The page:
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Here' my 911 explanation theory: agree? disagree?

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Must_B_Free Donating Member (1000+ posts) Send PM | Profile | Ignore Mon Sep-22-03 04:30 PM
Original message
Here' my 911 explanation theory: agree? disagree?
Theme: Saddam was a threat to the Saudi/Texas oil empire.

I think a valid explanation is that this what the whole thing was about the Saudi-Texas empire managing the competition.

We're talking about Iraq, with the 2nd largest Oil reserves in the world. If Saddam got production up, he was threatening the the dominant player in that arena. It seems that he had matured from his fantasy of a military leader and realized the game was economic, not military.

The country appeared to be West embracing. He had a secular government because that was the only way to bring together infighting factions overwhich he ruled - from a neutral (read secular) ground. He did not seem to have an interest in WMDs but rather an inerest in making his country a new economic force. I thin this is why they bound him with sanctions this whole time, to prevent his entry into the markets.

Yes he was a threat, but not as a madman terrorist - as a legitimate holder of massive fossil resources. And as a market maker, but choosing the currency he would use. Notice all the Euro countries were against the invasion. They were in line for deals that would have put Iraq's oil in the Euro, further boosting it over the deflating US Dollar.

This explains why the Saudis and Texas were in bed together with the 911 plot. It was all just mutual backscratching. Saudis were strengthening their empire and the Bushes were also inceasing their power along with Shrubbies ratings.
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Racenut20 Donating Member (1000+ posts) Send PM | Profile | Ignore Mon Sep-22-03 04:35 PM
Response to Original message
1. The sanctions were to limit spending on military
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plaguepuppy Donating Member (1000+ posts) Send PM | Profile | Ignore Mon Sep-22-03 09:37 PM
Response to Reply #1
5. Right
Just like the invasion was to liberate the Iraqui people...

Take a look at how the sanctions were applied - the extremely draconian interpretation imposed by the US that saw almost any technology as dual use (e.g. most medical and infrastructure maintenance) and endlessly delayed essential equipment.

And how great was this Iraqui military threat to the world? How much did the people of Iraq deserve to suffer for their leaders' attempt to re-conquer a former province that was slant-drilling into their biggest oil field?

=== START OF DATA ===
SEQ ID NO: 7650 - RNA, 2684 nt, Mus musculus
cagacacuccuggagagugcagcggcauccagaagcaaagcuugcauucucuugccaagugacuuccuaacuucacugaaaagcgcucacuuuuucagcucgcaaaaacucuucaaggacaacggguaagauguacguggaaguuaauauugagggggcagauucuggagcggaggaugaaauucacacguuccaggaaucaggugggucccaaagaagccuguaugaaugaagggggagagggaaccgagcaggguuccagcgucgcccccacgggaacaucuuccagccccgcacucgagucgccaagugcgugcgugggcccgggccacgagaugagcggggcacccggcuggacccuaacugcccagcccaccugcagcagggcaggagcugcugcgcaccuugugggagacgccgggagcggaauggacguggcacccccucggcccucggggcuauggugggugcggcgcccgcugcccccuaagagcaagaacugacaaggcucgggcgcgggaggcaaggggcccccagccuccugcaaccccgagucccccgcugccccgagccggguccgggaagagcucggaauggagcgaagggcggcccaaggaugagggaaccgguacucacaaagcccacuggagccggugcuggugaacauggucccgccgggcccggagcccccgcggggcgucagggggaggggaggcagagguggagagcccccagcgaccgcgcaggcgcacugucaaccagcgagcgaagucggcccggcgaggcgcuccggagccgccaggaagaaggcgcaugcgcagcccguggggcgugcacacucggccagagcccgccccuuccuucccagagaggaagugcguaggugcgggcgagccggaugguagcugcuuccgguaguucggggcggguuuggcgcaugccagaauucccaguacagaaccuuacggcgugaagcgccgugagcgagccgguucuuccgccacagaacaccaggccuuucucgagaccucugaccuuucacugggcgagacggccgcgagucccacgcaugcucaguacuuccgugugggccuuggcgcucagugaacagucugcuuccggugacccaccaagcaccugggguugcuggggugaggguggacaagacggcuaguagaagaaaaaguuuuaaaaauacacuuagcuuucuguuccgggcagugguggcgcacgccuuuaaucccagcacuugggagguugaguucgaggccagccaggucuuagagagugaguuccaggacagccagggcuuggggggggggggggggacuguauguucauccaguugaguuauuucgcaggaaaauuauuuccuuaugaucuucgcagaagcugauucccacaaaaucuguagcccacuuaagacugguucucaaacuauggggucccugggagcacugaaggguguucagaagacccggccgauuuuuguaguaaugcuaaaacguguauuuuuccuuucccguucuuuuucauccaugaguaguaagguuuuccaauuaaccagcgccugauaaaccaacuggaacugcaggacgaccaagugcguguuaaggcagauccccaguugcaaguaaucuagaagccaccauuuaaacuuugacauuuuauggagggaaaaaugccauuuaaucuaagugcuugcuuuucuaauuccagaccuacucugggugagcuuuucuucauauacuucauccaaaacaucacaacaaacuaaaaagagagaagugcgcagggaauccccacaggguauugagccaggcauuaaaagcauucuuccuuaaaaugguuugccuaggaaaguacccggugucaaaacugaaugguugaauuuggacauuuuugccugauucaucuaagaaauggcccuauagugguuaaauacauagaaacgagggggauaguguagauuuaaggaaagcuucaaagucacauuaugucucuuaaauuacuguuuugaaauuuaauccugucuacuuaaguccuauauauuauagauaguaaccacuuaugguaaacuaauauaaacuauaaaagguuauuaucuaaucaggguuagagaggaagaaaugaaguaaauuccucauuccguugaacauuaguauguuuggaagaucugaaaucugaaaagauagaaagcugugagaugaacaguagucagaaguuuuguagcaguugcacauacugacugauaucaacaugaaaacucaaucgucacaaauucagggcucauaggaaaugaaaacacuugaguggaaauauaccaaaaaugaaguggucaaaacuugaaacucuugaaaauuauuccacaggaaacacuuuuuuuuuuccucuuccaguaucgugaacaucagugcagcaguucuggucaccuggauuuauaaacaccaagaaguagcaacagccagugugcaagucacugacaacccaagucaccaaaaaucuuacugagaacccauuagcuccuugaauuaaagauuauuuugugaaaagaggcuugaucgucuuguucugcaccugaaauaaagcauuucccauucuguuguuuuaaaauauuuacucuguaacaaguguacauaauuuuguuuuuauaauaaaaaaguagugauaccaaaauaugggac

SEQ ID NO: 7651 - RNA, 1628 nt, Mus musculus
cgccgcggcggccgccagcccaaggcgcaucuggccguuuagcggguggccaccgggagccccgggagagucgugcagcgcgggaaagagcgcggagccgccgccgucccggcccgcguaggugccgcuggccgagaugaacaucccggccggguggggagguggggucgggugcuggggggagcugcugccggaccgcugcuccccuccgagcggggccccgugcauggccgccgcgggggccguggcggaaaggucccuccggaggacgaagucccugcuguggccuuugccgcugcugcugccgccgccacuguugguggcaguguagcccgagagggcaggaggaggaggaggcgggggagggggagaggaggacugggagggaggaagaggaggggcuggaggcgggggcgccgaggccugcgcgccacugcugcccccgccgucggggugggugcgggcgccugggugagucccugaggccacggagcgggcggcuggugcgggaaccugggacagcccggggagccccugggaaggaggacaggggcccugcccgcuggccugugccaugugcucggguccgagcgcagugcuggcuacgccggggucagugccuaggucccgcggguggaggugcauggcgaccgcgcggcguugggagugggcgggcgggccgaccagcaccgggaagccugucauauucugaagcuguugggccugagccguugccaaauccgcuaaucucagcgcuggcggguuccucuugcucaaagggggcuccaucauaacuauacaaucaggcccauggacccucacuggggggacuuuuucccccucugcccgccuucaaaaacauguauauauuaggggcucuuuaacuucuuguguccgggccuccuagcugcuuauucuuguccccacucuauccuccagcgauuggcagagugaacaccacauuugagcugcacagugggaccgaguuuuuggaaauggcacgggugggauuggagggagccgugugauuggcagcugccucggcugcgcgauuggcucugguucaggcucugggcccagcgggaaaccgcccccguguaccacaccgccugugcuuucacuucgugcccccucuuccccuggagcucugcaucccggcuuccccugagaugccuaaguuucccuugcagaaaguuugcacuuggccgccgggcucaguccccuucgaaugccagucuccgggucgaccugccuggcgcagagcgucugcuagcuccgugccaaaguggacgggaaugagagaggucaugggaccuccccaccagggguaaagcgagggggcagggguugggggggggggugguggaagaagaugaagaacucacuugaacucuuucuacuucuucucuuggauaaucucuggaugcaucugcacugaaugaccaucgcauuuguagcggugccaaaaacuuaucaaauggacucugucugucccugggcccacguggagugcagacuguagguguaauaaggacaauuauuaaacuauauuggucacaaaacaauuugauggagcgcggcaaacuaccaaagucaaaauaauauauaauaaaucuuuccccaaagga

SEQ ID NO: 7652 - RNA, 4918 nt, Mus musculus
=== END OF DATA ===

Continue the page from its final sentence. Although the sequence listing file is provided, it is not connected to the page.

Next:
The justification may have been military but the effect of the sanctions was to inflict large-scale devastation on the Iraqui people and cripple the country's economic development. Was this the intent? It would be naieve to assume otherwise.
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MasonJar Donating Member (1000+ posts) Send PM | Profile | Ignore Mon Sep-22-03 04:36 PM
Response to Original message
2. Euro
The Euro was a significant incentive. With all that oil money going into Euros the US hegemony would be history (little alliteration there.) Also the Bushies, who are such consumate liars, knew Sadaam was practically powerless militarily. And none of them was going to be in harm's way in any case so what is a 40000 lost lives and 100's of billions of taxpayer money?
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shirlden Donating Member (1000+ posts) Send PM | Profile | Ignore Mon Sep-22-03 04:49 PM
Response to Original message
3. No doubt
that is one of the top ten reasons. When you think about it there were many reasons to pop off ole Saddamy.

:kick:
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RH Donating Member (1000+ posts) Send PM | Profile | Ignore Mon Sep-22-03 05:13 PM
Response to Reply #3
4. Reasons?
So we should be willing to suppose, should we, that these guys are reasonable?

Really?

More a case I think of hell having no fury like that of a sour old bitch when scorned.

:mad:

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eridani Donating Member (1000+ posts) Send PM | Profile | Ignore Sat Sep-27-03 02:18 AM
Response to Original message
6. Actually, I think the 9-11 deaths were due to embarrassment
It finally occurred to me what the right analogy for the connection between Bush minions and 9-11 is. We had a gruesome video in our safety meeting awhile back, featuring a modest chemist with a serious acid spill down the front of his pants. He ran to the lab shower, but was too embarrassed to strip out of his pants quickly and sustained burns far more serious than necessary. The moral of the story-don't let modesty override avoiding serious injury.

3000 people a two years ago essentially died of embarrassment-not theirs, but that of Bush and cronies, who blocked critical investigations before and after because they wanted to hide their financial dealings with Saudis linked to terrorist networks. Just as the excessively modest chemist chose more severe burns, Bush chose 9-11.

My archive of links--

http://www.thememoryhole.org/911/911-graham-admits.htm